Wednesday, January 23, 2013

Wednesday Western - Square Dancing

Do you remember square dancing in a P.E. class? Or did your parents go to weekly square dance classes? However you've heard about square dancing did you know it is one of the first American dances?

Square dancing is a combination of English line dancing, French quadrilles and cotillions performed in squares. After the French aided America with the Revolution they left behind the French dances and rural America began fashioning them to fit their more robust way of dancing than the city folk.

As people moved west the square dance went with them and American songs sprung up like "The Arkansas Traveler" and "Turkey in the Straw". The fiddle music became lively and the fiddler began to call out the steps using the French names, allmande, chassez, and dos-a-dos along with "swing in the center, break that pair. Lady goes on and the gent stays there."

Today there is traditional and modern square dancing. Traditional is any dance that was before 1950 and has a limited number of basic movements and the caller has set calls. Modern  or Western square dance the caller is allowed to change up the calls stringing them together in any sequence he chooses.

Have you ever square danced? The only time I have was in P.E. but my parents belonged to a square dance club years ago.

Source: Reader's Digest, Discovering America's Past and The history of Square Dance
Photo: Wikipedia

10 comments:

Cheri Clifton said...

Enjoyed reading the post, Paty! Hubby & I used to square dance alot - Lotsa fun and great exercise!

Paty Jager said...

Cheri, I wish I could get my hubby to square dance, but he's just not into music and dancing. We are complete opposites about that. Thanks for stopping in and commenting!

Caroline Clemmons said...

Square dancing is still big in Texas. A group meets at our church once a month - or it may be more often. My husband has two left feet so we never danced. Now I'm in that stupid foot/ankle brace forever, so I don't dance either. I would love to try, though, if my husband would. I think he could square dance because you don't have to watch your partner's toes and it's not as much about the beat as the movements.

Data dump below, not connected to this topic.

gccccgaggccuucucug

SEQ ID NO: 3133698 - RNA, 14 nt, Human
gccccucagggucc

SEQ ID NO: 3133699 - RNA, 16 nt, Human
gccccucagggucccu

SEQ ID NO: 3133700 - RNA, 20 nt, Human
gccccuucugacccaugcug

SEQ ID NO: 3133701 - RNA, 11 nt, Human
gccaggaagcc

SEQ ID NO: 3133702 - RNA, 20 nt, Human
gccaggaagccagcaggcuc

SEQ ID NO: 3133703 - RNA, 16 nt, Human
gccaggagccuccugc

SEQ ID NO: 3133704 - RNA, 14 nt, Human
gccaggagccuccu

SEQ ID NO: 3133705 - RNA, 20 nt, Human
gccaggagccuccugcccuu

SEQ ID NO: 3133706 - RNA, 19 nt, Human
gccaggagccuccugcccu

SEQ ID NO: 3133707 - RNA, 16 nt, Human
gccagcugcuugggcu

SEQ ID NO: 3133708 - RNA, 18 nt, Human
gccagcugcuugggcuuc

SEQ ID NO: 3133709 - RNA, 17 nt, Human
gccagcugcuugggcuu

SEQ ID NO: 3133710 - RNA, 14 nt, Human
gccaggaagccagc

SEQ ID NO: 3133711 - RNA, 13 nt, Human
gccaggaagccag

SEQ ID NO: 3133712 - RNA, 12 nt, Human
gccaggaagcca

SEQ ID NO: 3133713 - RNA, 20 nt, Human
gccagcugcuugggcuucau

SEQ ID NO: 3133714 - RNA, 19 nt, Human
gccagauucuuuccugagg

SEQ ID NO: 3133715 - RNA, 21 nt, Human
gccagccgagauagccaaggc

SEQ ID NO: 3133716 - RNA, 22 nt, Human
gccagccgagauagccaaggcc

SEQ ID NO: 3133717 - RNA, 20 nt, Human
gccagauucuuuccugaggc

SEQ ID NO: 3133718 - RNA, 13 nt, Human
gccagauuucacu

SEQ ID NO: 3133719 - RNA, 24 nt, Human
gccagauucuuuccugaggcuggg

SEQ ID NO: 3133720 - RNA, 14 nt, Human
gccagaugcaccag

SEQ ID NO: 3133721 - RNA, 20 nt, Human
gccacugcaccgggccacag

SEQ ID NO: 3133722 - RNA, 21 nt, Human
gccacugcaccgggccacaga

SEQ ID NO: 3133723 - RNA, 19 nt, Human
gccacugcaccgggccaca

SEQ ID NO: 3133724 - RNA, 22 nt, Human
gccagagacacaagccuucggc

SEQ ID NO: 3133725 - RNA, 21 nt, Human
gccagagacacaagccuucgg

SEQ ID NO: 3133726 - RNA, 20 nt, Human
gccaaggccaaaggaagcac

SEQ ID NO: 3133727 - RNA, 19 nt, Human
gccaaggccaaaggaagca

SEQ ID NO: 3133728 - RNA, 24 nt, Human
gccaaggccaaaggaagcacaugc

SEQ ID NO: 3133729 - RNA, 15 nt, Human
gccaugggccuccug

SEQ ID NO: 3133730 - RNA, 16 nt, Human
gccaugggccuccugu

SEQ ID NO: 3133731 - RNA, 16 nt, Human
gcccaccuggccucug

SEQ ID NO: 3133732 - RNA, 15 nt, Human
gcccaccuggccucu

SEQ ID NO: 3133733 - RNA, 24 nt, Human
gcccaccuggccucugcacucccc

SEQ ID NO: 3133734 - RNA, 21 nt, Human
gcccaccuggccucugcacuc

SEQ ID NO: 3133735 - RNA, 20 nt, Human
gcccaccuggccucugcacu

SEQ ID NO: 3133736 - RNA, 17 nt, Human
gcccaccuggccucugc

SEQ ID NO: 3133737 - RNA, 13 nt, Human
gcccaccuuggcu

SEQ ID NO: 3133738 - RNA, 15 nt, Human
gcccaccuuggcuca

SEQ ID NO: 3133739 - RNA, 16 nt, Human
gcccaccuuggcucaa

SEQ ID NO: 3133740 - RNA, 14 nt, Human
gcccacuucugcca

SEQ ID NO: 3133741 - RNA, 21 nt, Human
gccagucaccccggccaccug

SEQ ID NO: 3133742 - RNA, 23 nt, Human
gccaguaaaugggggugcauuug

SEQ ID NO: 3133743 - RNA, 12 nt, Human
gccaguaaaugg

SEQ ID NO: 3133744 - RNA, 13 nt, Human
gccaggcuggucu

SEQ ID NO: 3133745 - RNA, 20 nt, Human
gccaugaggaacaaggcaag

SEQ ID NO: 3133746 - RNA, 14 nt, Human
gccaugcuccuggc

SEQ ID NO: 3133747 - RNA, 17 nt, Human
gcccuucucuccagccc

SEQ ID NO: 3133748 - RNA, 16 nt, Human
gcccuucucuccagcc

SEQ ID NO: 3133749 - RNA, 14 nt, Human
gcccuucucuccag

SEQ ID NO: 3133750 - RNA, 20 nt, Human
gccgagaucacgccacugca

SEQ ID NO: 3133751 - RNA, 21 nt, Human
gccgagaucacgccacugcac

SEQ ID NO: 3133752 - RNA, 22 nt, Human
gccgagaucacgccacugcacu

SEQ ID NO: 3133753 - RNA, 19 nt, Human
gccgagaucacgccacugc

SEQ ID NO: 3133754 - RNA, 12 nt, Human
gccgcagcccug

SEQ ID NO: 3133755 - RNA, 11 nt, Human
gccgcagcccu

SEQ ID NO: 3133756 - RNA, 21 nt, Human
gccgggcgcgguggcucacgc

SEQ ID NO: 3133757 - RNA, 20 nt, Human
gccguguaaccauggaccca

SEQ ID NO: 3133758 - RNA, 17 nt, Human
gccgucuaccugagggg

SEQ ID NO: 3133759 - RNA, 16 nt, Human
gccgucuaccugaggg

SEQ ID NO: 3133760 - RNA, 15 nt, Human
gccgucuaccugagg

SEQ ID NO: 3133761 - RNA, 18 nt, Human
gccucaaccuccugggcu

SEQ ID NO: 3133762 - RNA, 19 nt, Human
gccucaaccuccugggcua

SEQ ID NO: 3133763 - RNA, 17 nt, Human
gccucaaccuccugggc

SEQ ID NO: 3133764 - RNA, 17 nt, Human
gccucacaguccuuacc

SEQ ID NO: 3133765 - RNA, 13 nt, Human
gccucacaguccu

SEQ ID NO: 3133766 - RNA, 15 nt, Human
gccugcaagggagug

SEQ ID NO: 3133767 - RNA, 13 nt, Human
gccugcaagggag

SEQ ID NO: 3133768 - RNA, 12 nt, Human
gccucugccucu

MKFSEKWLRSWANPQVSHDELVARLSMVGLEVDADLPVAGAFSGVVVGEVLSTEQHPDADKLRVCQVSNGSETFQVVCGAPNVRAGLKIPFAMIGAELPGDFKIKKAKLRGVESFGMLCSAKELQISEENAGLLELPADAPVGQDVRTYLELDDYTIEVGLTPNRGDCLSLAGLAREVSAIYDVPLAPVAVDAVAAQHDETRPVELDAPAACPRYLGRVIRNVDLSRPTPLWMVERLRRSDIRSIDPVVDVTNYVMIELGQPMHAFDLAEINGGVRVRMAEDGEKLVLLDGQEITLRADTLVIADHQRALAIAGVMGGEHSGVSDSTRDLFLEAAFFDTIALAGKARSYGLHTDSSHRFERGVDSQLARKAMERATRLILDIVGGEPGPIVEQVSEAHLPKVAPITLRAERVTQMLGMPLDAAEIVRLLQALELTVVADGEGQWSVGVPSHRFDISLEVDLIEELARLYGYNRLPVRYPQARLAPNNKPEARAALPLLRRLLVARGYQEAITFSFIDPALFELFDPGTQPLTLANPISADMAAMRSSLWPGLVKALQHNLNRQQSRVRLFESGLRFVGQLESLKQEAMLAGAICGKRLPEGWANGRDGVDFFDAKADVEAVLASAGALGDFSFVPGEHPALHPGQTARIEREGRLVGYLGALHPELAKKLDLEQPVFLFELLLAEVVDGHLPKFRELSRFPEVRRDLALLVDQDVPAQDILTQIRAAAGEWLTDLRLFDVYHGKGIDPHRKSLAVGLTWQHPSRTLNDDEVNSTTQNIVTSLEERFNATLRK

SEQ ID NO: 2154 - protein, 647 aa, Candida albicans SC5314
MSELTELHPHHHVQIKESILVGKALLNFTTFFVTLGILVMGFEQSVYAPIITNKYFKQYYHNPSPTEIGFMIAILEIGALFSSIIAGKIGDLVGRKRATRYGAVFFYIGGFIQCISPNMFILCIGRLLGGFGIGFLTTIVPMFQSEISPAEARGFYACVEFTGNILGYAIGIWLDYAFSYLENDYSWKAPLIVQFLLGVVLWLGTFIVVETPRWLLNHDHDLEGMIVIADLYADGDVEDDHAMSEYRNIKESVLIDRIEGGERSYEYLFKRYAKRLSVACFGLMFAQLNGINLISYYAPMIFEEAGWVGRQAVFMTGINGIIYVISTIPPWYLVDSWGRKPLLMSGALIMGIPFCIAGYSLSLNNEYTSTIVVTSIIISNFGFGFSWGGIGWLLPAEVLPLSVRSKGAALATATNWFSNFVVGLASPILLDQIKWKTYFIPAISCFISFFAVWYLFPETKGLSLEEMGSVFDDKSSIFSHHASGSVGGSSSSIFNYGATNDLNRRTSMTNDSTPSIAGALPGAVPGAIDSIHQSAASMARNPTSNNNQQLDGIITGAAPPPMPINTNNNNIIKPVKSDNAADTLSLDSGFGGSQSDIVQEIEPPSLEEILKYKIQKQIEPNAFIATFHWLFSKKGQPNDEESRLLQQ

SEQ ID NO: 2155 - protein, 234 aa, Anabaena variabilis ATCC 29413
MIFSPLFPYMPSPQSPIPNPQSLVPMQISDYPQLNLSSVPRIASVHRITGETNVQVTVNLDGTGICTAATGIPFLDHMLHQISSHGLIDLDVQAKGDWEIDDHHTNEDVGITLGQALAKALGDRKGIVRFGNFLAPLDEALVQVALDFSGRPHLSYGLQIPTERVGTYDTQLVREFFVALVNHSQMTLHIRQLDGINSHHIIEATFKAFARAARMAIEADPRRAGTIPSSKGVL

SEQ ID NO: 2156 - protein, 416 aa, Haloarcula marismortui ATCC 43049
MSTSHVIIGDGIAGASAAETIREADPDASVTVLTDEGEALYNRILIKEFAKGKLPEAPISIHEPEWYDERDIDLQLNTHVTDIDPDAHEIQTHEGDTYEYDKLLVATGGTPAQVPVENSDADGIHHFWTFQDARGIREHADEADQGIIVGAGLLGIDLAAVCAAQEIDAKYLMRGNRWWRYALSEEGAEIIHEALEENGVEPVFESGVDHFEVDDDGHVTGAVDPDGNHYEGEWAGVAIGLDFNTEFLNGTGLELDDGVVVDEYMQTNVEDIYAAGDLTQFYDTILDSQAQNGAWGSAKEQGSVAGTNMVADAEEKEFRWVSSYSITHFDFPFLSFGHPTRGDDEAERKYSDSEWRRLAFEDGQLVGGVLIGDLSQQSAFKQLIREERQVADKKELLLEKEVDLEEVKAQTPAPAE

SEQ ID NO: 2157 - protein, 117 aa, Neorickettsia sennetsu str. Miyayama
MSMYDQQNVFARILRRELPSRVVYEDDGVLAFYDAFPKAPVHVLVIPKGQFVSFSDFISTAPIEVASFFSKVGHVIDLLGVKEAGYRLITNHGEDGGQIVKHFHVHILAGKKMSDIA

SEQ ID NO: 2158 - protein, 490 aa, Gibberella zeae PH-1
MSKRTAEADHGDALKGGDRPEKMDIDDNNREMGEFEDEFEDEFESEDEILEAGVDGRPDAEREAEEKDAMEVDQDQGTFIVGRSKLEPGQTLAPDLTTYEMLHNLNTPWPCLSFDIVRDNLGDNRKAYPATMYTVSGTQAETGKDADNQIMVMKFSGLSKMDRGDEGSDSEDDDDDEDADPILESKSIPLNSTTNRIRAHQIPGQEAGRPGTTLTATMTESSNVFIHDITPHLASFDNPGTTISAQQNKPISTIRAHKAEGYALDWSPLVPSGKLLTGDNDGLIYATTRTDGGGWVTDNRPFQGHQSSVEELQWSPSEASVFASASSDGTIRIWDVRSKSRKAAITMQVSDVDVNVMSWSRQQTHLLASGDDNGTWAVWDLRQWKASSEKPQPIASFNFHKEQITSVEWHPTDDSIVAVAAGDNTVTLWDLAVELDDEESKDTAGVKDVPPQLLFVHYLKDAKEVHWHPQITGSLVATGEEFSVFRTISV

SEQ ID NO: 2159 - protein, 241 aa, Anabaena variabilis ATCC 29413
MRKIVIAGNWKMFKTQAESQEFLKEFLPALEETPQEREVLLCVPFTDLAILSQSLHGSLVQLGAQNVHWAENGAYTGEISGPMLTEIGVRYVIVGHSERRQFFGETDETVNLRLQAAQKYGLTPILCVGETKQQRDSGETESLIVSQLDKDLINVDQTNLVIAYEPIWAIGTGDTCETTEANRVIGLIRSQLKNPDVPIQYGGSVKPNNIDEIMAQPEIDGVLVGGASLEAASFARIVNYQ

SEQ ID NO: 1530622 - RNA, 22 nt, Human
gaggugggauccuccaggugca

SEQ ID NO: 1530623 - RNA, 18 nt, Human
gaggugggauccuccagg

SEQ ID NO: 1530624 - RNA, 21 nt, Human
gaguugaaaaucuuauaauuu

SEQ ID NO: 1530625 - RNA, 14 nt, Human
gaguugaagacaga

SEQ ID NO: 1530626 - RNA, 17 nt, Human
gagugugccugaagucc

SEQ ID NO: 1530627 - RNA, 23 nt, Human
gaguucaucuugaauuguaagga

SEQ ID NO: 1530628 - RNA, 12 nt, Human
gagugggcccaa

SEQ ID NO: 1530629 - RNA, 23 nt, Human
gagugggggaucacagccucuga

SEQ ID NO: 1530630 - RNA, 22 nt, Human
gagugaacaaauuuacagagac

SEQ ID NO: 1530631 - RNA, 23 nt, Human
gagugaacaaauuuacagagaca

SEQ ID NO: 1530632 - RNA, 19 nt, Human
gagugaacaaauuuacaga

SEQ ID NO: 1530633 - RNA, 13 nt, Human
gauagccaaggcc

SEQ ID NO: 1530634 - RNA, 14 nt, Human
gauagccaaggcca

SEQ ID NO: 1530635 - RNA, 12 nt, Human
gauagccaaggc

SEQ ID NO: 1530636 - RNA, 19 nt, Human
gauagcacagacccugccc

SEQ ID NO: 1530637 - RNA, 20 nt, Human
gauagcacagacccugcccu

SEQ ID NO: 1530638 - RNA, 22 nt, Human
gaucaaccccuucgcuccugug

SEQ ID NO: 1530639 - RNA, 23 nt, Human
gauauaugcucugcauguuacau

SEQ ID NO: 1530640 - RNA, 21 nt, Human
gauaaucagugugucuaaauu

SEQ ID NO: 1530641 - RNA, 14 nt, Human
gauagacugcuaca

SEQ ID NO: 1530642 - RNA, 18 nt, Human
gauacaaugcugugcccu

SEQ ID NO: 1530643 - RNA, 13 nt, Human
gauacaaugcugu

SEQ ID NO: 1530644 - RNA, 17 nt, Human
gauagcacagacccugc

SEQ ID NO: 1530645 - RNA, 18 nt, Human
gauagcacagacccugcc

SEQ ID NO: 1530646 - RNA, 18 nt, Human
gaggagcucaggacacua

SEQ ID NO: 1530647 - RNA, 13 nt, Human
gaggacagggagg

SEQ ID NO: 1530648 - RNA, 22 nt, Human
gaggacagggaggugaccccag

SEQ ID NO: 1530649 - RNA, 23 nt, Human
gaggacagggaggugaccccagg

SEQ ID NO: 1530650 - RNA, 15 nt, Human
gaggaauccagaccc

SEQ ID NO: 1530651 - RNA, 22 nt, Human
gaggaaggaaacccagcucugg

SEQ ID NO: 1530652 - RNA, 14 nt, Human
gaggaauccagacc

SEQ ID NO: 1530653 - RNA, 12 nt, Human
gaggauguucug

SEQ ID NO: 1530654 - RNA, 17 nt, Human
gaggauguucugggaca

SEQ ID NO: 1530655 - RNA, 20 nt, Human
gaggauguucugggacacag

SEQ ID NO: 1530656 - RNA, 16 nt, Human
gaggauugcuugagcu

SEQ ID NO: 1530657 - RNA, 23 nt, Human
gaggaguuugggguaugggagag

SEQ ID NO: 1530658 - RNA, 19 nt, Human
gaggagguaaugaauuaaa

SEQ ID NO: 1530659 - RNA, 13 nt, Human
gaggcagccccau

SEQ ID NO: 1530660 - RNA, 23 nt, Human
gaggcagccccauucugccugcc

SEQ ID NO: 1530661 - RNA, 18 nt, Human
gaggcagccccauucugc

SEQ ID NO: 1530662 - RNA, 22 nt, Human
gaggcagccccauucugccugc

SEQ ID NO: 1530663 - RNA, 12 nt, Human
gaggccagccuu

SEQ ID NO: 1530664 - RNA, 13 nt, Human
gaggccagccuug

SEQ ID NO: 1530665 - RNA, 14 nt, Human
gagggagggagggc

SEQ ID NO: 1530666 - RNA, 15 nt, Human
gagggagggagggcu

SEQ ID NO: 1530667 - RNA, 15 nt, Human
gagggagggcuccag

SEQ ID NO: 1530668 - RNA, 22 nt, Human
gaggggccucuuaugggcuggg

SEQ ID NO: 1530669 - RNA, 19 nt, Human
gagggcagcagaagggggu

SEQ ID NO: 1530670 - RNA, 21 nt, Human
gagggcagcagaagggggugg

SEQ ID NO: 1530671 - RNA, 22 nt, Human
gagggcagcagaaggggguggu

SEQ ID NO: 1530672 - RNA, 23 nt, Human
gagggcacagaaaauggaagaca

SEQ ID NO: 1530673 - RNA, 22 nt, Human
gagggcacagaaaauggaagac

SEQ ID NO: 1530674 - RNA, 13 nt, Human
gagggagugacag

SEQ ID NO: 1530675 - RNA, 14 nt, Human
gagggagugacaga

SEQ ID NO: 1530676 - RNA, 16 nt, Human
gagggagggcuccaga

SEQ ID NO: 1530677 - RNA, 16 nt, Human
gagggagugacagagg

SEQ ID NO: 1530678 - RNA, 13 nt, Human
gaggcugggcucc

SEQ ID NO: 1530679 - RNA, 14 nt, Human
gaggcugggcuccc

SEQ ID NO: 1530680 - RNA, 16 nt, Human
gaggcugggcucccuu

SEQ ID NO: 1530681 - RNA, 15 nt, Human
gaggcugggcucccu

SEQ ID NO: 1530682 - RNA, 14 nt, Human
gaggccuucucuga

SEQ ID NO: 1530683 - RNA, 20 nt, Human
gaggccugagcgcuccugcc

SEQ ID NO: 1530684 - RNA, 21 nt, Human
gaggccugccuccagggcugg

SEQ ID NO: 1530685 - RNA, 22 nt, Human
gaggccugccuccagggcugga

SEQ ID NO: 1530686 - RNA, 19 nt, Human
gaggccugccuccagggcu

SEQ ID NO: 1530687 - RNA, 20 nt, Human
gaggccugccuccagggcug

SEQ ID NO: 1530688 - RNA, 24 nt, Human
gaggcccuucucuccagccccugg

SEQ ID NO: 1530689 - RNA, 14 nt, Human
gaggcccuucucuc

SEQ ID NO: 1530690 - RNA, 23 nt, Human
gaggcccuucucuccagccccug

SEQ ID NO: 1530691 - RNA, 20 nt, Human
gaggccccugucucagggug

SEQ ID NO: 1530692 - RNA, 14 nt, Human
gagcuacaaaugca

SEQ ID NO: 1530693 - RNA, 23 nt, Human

Lyn Horner said...

Fun post, Paty. I haven't square danced since PE class, but I love watching it. It's such an American tradition. I knew it stemmed from English, Irish and Scottish folk dances but I had no idea the French also influenced our dances. Thanks for telling us about that.

Paty Jager said...

Caroline, I imagine it is still big in Texas. Thanks for stopping in!

Hi Lyn, The swirl of the skirts and the way the man handles the woman is a fun sight. You're welcome!

Celia Yeary said...

My husband and I took lessons and joined a square dance club when we retired. We had more fun during the classes, the learning process. When we began dressing up and traveling out of town, it became tiresome and we quit. It was fun--mainly because I like to be with people. But all in all, we are really not square dance types.

Paty Jager said...

Celia, It looks like fun, but I'd get weary of all the people. Yes, I am a hermit.

Robin Weaver said...

Interesting blog, Paty. During a trip to the Little Switzerland (in the Blue Ridge Mountains), my friends "dragged" me to a square dance at a local lodge. Was great fun (the people watching more than the dancing..lol).

Linda Mercury said...

I remember square dancing in PE class. I always ended up dancing the boy part, so I can't partner dance worth a damn. :)

Paty Jager said...

Robin, That would be fun to watch the people at a square dance. I'm a people watcher, like most writers, so it would be very worthwhile.

Linda, You must have been tall.It seemed like they always made the tall girls do the boy part if there have more girls than boys.